Wolf Point resident Bill Juve said if the commissioners and other elected officials receive the stipends, the county’s compensation board should approve the stipends before the commissioners vote on them.
Juve cited roads that need repair, an issue he said should come ahead of stipends. He mentioned Rodeo Road several times. Juve has asked for repairs to Rodeo Road in the past.
Two compensation board members’ terms expired July 1 and the commissioners must reappoint them before that board could meet with a voting quorum. The earliest date that could happen is Tuesday, Aug. 12.
Assistant county attorney Jordan Knudsen will research whether the law requires the compensation board to make a recommendation on stipends for elected officials. If Knudsen determines that the compensation board does not have to weigh in on the decision, the commissioners could revisit the stipends for elected people as soon as Tuesday, July 29.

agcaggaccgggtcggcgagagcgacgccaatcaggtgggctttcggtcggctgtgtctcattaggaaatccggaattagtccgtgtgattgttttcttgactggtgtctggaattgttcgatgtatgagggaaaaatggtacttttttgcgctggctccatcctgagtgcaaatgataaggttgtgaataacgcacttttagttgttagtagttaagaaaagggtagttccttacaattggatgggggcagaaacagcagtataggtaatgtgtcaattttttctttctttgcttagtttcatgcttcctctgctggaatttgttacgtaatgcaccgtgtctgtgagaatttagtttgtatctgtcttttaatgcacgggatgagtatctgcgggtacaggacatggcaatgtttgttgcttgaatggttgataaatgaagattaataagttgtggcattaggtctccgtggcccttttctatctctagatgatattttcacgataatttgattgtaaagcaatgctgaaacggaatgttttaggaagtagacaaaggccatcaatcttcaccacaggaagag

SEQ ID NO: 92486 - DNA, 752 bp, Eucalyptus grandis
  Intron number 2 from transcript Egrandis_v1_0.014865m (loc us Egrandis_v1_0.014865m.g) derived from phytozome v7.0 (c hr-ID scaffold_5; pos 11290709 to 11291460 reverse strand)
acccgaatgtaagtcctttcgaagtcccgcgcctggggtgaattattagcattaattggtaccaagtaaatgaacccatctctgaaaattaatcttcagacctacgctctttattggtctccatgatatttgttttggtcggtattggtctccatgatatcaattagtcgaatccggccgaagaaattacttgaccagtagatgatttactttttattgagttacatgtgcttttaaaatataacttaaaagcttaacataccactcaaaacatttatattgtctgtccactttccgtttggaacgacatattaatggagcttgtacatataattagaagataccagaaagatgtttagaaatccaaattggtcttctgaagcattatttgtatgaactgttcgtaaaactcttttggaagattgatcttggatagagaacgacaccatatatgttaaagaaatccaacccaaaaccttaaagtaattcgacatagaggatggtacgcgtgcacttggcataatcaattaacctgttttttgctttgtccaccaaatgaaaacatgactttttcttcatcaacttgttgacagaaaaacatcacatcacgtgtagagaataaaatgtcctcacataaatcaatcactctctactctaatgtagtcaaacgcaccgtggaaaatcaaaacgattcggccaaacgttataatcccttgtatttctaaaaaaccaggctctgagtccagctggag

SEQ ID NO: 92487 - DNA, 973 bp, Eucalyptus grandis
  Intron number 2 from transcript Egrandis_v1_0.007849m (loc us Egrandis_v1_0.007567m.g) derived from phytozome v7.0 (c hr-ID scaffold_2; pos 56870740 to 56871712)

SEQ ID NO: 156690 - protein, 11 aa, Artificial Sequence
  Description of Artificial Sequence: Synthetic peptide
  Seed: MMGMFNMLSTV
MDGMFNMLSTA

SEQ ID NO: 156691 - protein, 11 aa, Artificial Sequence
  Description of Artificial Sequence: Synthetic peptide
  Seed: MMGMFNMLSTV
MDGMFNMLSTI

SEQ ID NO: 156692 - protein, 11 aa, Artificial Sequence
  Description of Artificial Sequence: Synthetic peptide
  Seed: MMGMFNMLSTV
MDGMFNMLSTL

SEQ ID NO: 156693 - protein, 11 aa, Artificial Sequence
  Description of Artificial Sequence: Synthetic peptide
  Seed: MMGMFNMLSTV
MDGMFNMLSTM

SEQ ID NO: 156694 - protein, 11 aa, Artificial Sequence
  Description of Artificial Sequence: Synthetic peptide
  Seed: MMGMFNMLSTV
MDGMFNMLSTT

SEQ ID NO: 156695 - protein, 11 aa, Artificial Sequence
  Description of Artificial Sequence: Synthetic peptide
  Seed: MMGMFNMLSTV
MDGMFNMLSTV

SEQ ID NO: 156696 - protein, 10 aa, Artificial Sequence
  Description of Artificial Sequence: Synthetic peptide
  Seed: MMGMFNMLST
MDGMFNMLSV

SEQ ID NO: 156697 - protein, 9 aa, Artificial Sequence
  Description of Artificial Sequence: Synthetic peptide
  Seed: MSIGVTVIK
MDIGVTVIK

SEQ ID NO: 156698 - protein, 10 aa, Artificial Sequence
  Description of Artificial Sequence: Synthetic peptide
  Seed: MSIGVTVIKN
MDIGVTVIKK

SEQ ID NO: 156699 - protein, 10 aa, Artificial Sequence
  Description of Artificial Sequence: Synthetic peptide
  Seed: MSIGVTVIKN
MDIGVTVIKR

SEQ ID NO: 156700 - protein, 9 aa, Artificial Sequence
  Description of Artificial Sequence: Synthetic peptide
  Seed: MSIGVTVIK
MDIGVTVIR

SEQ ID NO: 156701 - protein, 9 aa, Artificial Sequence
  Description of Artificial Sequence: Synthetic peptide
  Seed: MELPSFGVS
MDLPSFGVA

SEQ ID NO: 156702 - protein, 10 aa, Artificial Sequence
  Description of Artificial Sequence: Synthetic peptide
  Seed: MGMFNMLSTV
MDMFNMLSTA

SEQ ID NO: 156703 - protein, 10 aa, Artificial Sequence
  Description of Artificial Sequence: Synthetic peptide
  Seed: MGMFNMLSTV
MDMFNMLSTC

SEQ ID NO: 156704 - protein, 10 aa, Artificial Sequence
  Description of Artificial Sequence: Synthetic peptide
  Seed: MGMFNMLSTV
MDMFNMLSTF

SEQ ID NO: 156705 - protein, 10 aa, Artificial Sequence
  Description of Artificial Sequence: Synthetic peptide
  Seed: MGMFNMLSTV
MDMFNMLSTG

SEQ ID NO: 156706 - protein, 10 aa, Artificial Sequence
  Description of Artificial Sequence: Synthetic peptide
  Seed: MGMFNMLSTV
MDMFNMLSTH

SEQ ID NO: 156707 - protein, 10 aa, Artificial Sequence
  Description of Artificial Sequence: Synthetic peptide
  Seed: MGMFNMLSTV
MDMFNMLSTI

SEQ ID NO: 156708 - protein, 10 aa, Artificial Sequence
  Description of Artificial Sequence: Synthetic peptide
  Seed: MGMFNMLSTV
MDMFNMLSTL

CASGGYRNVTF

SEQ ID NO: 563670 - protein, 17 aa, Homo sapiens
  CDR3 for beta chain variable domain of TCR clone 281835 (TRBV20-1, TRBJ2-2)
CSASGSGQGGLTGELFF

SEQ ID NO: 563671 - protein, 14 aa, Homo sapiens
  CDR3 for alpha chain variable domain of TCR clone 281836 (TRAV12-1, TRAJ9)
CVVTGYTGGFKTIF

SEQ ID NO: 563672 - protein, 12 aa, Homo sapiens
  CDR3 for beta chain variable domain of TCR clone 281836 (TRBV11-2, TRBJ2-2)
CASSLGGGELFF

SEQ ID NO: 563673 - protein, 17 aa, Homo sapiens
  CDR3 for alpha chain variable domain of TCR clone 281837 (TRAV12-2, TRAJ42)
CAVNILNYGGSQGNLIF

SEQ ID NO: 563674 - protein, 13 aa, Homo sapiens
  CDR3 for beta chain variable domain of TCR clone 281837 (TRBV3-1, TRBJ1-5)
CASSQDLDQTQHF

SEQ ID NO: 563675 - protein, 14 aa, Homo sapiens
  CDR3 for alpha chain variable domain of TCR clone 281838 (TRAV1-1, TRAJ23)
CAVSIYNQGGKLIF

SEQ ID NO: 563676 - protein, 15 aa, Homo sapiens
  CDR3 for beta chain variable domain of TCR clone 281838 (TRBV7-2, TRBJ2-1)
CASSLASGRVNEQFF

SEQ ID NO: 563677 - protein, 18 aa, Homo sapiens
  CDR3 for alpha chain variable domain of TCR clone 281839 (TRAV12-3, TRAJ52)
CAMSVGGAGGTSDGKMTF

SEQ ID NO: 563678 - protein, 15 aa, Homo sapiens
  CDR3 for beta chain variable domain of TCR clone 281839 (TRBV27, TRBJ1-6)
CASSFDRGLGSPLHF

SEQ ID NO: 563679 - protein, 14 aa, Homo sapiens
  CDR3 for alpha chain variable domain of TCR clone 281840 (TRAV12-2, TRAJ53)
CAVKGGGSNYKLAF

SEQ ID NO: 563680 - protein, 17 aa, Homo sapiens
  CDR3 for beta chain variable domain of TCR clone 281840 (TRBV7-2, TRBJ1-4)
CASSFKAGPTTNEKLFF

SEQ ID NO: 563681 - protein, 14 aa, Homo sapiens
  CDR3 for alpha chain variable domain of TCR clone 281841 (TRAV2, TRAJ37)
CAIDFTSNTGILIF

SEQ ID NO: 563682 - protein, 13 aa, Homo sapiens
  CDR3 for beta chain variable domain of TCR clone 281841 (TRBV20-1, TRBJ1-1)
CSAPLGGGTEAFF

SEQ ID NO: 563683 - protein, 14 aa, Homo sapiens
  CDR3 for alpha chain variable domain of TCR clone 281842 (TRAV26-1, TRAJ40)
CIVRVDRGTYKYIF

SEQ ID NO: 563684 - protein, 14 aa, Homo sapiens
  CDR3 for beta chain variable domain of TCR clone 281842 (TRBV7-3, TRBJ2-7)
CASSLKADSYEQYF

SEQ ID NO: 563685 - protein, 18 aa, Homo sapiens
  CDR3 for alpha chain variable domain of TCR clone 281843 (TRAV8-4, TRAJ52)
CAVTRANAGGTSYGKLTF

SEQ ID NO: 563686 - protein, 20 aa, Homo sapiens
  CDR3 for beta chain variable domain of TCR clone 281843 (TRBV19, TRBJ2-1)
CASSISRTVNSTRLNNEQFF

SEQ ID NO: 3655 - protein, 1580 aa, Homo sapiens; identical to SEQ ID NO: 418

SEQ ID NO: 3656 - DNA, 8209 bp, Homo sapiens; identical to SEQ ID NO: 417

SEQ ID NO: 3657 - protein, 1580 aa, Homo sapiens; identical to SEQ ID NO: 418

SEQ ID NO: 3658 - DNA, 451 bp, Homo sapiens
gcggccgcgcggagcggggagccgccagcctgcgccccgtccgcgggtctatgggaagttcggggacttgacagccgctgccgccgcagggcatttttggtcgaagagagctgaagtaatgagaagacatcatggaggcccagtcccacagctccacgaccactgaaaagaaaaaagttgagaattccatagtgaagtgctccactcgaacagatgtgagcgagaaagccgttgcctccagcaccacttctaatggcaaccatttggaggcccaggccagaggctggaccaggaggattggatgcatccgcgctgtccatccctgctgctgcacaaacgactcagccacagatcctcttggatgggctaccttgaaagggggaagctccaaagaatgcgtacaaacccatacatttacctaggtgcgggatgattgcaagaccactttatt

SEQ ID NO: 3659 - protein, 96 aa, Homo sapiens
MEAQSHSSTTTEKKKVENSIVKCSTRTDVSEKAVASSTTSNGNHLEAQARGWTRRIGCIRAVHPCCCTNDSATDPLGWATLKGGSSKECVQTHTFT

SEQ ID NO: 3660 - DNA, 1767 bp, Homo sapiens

The stipends are tied to oil industry severance revenue funding. If the county’s revenue from the oil severance tax drops below an average of $400,000 per quarter, the stipend will cease.
“This will give our employees a very much deserved raise,” commissioner Gary Macdonald said. He added that the commissioners have the ability to discontinue the stipends if the severance revenue decreases.
A decision on the stipends had been delayed from Tuesday, July 15.

Bainville EMT Recognized For 20 Years Of Service



Bainville EMTs -- One of the Bainville EMT crew, Shellie Pacovsky was recently honored for 20 years of service to the community.   (Submitted photo)         

Roosevelt Medical Center emergency medical technician Shellie Pacovsky was recently recognized by the board of directors of the National Registry of Emergency Medical Technicians for achieving 20 consecutive years as a nationally registered EMT.
This distinction is an honor held by few EMTs across the nation.
To maintain her status as a nationally registered EMT, Pacovsky completed, on a biennial basis, the most comprehensive recertification program for EMTs in America. She not only completed courses to refresh her fundamental knowledge and skills but also attended a minimum of two hours per month of additional continuing education courses to advance her knowledge on new lifesaving skills.